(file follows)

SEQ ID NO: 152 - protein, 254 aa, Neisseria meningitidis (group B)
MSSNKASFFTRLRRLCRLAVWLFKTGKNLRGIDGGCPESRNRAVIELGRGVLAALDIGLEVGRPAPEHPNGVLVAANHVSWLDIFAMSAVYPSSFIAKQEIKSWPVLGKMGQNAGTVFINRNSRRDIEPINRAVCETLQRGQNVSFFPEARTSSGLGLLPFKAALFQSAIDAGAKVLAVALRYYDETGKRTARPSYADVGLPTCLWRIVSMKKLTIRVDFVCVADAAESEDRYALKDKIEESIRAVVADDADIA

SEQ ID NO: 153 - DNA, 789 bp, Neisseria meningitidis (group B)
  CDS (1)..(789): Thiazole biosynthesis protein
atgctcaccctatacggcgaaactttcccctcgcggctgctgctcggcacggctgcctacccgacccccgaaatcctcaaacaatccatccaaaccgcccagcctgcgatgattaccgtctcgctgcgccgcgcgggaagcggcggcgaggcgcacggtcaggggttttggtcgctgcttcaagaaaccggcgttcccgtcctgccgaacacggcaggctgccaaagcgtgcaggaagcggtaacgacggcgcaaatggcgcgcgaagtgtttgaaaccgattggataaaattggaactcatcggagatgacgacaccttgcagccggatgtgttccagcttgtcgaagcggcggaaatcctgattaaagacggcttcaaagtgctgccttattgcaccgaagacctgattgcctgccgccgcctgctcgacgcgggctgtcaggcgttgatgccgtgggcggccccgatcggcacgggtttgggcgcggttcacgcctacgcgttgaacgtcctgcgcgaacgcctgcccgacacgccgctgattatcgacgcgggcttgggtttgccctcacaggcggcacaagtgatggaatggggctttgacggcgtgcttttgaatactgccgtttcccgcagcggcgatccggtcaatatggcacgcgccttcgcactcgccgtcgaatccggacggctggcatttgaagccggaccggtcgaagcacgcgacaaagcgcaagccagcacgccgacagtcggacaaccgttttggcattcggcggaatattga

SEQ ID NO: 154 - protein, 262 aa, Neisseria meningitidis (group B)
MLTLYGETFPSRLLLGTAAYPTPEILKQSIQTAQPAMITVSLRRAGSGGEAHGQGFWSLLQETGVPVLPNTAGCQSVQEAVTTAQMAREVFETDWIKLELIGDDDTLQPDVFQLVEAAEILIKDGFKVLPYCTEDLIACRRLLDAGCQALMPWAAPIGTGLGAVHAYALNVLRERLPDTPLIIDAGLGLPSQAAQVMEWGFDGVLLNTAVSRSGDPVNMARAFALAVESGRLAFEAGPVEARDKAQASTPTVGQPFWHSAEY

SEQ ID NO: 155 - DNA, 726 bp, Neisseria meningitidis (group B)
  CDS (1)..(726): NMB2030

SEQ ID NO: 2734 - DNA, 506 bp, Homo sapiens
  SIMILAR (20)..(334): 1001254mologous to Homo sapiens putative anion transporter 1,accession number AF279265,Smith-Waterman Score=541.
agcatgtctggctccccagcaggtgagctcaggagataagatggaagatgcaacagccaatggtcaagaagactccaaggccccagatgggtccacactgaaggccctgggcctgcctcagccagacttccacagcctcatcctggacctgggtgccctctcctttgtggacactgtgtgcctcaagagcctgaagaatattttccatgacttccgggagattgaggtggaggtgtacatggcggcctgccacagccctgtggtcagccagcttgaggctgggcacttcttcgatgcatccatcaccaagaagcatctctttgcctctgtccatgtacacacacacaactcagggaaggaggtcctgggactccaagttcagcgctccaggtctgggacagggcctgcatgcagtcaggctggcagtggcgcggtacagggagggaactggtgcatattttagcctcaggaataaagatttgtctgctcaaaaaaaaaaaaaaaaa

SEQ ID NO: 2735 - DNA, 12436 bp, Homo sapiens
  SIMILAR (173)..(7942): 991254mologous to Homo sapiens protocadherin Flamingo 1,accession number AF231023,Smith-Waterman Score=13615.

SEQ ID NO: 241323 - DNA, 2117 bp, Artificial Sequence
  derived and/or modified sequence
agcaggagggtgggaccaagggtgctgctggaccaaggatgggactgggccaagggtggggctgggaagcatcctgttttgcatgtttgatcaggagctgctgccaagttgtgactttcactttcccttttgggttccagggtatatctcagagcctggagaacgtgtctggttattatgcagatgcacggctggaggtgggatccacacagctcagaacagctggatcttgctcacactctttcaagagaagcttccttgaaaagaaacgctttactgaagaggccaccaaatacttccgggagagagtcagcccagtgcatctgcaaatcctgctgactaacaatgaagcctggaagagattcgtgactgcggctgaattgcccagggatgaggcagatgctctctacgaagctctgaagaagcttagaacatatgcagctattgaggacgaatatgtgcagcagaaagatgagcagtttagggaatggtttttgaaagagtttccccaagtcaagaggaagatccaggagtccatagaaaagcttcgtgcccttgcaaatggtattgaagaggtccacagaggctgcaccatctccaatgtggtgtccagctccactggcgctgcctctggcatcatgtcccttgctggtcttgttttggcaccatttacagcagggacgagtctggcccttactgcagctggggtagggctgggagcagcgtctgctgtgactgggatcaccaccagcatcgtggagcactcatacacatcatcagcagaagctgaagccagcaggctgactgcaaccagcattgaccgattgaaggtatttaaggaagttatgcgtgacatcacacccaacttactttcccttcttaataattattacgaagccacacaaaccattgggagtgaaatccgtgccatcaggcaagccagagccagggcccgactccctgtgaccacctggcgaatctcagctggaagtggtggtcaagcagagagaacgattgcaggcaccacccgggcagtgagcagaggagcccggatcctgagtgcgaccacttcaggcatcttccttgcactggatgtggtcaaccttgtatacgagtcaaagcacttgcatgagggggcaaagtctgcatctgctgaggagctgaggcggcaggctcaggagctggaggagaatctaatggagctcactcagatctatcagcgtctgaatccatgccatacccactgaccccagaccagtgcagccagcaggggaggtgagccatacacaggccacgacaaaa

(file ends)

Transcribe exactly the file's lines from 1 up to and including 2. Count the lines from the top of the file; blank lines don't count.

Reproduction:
SEQ ID NO: 152 - protein, 254 aa, Neisseria meningitidis (group B)
MSSNKASFFTRLRRLCRLAVWLFKTGKNLRGIDGGCPESRNRAVIELGRGVLAALDIGLEVGRPAPEHPNGVLVAANHVSWLDIFAMSAVYPSSFIAKQEIKSWPVLGKMGQNAGTVFINRNSRRDIEPINRAVCETLQRGQNVSFFPEARTSSGLGLLPFKAALFQSAIDAGAKVLAVALRYYDETGKRTARPSYADVGLPTCLWRIVSMKKLTIRVDFVCVADAAESEDRYALKDKIEESIRAVVADDADIA